Wednesday, April 8, 2015
Cloudy and cold
Busy few days. Thursday and Friday were rough at work. Less said, the better. Really frustrated with the group that bought the CAPE COD TIMES newspaper. Not only did they dump all the calendar entries for April’s programs that took me several hours to load — and they dumped them AFTER they’d confirmed them — now, every calendar entry has to be approved by someone sitting in an office in Tennessee. That is simply not acceptable. Someone in Tennessee should not have the authority to approve or refuse a calendar entry about a local event on Cape Cod. Who ever is sitting there probably has never even visited, much less has any idea what’s important to residents. It’s WRONG on so many levels. Local calendar entries for the newspaper need to be handled LOCALLY.
So, I had to lose more hours re-entering everything into a new system, and now I have to wait for approval. From Tennessee. Especially with these crap “religious freedom” laws (which are, in actuality, laws to allow bigotry and discrimination to anyone the passers deem they want to discriminate against), it makes even less sense. If someone in the TN office decides a Cape Cod program is “against” his so-called “religious beliefs”, does that give him the right to refuse publication?
Finished watching the second season of MISS FISHER over the weekend. The energy and pace were off in a few of the early episodes, and then it picked up steam again as the season progressed. Read the first three books, too. Very different from the series. Since each is a completely different format, each works in its own way. The Phryne-Jack relationship is vital to the series, as is the Dot-Hugh relationship, in a way that isn’t in the books (Hugh isn’t even in the three I’ve read so far). Those relationships are what connect the viewer and make the episodes work within the time framework of each one, whereas the prose canvas is broader, and there’s more room for the other elements. Very interesting to see the differences, and how each works in its own format.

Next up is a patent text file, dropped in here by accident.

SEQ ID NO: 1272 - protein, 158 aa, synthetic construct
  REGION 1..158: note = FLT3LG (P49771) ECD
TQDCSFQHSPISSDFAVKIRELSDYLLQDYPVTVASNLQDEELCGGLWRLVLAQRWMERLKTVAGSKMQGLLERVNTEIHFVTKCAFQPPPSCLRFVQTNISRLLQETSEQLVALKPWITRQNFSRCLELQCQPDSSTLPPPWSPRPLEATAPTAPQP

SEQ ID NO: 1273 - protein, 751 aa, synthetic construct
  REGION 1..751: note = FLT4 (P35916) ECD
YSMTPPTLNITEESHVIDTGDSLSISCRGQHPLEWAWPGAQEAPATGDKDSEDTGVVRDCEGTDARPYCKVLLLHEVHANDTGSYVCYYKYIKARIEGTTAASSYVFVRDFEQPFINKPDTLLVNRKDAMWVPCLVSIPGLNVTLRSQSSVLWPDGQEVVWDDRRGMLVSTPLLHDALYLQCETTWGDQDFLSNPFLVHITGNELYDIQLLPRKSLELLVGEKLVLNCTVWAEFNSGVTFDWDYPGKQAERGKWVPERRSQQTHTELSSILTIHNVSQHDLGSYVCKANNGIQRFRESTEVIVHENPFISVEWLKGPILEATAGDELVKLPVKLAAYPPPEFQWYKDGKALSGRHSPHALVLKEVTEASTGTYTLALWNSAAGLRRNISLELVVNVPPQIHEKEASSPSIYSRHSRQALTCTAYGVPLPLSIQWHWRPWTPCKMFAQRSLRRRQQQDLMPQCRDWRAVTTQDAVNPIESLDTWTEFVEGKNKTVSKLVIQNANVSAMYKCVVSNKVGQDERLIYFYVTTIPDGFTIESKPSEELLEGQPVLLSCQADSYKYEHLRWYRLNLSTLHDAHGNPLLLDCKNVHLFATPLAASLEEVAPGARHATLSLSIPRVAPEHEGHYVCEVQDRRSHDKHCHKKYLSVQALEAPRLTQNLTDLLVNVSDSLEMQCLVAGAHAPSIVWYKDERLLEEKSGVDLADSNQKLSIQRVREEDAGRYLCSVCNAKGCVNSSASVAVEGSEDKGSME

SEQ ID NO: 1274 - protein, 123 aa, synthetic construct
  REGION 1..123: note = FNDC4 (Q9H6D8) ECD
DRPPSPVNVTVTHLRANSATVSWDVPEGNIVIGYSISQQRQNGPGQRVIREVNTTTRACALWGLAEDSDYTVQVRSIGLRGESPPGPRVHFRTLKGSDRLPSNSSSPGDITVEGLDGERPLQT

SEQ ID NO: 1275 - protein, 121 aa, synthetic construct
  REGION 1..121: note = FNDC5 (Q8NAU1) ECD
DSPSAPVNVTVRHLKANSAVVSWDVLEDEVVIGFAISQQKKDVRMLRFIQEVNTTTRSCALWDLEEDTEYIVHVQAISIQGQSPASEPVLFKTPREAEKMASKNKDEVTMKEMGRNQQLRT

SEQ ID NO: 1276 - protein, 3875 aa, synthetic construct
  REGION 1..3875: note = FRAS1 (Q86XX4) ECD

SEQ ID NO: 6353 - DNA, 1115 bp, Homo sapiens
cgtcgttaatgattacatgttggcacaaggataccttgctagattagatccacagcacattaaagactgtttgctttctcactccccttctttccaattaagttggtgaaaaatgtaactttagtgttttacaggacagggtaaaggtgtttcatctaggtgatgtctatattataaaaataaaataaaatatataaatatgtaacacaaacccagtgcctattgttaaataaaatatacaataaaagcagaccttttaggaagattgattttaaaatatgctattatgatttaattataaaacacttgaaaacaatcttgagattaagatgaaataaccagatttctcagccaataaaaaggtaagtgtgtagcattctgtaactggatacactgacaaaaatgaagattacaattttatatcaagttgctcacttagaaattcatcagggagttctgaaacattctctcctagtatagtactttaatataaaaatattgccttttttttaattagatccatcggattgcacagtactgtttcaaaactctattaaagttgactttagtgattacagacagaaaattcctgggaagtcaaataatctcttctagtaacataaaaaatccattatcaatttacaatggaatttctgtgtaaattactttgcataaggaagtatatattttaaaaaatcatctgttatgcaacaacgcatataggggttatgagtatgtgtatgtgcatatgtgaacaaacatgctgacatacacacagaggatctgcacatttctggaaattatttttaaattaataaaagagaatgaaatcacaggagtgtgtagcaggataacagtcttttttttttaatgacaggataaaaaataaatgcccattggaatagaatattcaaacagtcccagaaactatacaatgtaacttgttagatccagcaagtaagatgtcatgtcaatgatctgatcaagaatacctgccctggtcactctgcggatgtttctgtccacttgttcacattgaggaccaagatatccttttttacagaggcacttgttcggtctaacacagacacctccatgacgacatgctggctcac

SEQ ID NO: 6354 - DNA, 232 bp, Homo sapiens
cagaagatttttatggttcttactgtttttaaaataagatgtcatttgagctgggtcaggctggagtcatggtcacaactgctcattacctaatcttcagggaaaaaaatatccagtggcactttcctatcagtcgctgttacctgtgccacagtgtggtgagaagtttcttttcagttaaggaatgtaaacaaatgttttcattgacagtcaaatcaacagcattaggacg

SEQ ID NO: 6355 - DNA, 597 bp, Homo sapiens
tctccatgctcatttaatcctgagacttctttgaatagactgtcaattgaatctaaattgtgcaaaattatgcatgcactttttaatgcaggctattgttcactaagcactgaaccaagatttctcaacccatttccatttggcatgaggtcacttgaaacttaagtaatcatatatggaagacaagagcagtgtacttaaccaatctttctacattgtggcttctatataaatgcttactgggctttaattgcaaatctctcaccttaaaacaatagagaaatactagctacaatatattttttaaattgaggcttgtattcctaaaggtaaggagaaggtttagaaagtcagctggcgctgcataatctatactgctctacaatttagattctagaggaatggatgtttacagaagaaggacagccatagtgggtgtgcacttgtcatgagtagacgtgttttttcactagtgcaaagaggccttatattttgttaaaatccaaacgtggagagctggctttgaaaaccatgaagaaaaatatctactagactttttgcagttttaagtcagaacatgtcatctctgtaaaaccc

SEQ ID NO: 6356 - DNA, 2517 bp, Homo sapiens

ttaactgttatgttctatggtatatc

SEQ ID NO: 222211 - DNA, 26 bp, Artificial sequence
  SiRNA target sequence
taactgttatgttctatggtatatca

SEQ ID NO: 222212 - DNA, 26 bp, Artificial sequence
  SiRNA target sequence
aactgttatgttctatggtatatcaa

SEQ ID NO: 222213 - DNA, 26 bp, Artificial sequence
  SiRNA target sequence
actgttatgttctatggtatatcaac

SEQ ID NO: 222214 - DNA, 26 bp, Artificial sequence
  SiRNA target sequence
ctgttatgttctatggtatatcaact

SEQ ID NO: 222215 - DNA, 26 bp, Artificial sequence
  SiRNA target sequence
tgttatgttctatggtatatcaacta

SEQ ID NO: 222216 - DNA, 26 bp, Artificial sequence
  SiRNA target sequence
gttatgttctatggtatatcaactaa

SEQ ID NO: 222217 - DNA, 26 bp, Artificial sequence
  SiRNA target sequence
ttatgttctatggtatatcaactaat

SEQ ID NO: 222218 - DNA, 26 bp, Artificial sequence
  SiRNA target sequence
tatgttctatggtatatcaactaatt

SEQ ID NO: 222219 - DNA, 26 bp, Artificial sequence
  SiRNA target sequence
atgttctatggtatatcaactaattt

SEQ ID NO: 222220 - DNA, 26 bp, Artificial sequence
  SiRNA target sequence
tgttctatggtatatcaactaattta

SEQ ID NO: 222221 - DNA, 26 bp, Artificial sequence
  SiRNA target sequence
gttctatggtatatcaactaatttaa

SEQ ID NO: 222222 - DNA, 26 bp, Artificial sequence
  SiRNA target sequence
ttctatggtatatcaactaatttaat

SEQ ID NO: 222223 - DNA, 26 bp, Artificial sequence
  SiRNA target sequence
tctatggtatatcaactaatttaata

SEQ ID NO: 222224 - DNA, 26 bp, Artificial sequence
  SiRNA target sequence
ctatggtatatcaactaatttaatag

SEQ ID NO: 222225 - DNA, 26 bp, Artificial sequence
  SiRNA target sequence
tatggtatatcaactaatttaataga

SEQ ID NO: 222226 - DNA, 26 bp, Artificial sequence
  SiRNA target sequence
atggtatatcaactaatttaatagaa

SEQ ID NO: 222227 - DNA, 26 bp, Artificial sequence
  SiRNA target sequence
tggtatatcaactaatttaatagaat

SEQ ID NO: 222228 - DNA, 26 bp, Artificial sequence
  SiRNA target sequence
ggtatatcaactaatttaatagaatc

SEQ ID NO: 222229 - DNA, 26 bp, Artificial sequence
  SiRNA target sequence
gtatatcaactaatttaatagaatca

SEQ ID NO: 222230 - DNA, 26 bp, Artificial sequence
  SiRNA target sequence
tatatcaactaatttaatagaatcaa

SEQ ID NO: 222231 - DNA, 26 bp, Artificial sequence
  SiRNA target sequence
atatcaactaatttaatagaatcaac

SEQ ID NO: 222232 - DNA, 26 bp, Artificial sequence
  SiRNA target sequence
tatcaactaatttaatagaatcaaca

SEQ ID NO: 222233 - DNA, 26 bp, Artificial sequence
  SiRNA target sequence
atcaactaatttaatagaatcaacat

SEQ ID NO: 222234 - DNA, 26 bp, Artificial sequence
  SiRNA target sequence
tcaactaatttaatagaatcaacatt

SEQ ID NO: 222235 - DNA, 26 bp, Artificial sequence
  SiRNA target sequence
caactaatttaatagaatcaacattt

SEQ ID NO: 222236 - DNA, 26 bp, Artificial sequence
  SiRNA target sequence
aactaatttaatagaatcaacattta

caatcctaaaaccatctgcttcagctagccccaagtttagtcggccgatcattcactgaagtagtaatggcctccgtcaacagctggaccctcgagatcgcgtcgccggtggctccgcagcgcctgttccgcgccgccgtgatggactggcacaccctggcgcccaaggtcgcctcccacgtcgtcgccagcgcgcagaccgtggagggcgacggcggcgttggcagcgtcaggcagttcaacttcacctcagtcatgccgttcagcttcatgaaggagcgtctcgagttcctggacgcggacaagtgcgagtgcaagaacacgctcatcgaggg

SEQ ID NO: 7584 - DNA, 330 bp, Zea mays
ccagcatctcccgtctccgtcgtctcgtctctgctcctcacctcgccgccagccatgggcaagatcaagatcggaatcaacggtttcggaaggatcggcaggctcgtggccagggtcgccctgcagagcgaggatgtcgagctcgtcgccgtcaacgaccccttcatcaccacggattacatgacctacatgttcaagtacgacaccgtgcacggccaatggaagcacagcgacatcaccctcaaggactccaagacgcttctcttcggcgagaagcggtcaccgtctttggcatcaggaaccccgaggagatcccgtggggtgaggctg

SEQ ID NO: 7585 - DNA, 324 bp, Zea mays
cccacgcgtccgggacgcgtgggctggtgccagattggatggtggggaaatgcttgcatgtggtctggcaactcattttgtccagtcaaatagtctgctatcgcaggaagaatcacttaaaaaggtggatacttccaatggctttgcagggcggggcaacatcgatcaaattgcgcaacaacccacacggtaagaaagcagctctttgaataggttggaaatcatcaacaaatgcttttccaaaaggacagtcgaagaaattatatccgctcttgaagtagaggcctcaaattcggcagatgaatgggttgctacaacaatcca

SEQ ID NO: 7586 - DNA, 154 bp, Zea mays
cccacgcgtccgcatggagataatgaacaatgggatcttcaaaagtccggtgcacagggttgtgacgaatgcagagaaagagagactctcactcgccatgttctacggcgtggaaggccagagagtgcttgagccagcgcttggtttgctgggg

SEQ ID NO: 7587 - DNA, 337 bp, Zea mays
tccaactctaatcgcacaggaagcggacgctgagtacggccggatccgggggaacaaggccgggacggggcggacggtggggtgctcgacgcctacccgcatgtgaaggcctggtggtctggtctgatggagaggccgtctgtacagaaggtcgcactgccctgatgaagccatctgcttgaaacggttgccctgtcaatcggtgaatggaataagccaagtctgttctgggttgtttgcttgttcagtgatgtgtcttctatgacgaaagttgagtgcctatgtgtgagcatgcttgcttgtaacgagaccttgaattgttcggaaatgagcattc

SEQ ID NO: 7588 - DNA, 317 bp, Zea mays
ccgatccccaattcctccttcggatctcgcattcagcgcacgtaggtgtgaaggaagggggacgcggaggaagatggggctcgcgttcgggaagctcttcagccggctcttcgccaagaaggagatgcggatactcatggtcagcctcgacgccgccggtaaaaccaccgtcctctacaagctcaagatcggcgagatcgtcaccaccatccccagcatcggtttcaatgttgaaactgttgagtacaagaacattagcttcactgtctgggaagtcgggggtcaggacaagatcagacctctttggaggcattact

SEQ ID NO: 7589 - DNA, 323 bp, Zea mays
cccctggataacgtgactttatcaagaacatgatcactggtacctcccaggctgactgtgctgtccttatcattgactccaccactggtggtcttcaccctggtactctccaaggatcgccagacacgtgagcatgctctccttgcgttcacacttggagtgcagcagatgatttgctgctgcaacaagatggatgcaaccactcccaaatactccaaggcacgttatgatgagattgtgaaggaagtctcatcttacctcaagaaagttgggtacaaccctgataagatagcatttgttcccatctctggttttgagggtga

Scriptwriting isn’t “just dialogue” as so many prose writers who want to adapt their novels think. Scriptwriting is visual storytelling. Yes, dialogue is important, but so is choosing what the audience sees, and putting it on the page in such a way that the director and the creative team can fulfill the vision, without dictating every detail.
It’s a completely different way of telling the story.
Worked through quite a few contest entries. The disparity between what works and what doesn’t is far larger this year than in previous years. I finished all the print entries in one of the categories (I still have a few on Kindle), and I’m diving into the second category. The third category has only a few entries, so that won’t take long.
Watched THE IMITATION GAME over the weekend. It was well done, but Benedict Cumberbatch’s performance was a little too mannered for me. I like his intensity, I like his work, but he rarely surprises me any more. Keira Knightley was terrific. Also watched INTO THE WOODS. I’m a big Sondheim fan, and I loved the Broadway production. This one was clever, but I still think it works better on stage than on screen. Meryl Streep was wonderful. The actors playing Jack and Red Riding Hood reminded me of typical Broadway belter kids. There were lots of great moments by everyone throughout, although I thought Johnny Depp’s work was too close to his work in both ALICE IN WONDERLAND and WILLIE WONKA.
We got news of the death of a family member in Europe. It wasn’t someone I knew well, but it still leaves a hole, and there’s paperwork, and lots of other things to take care of.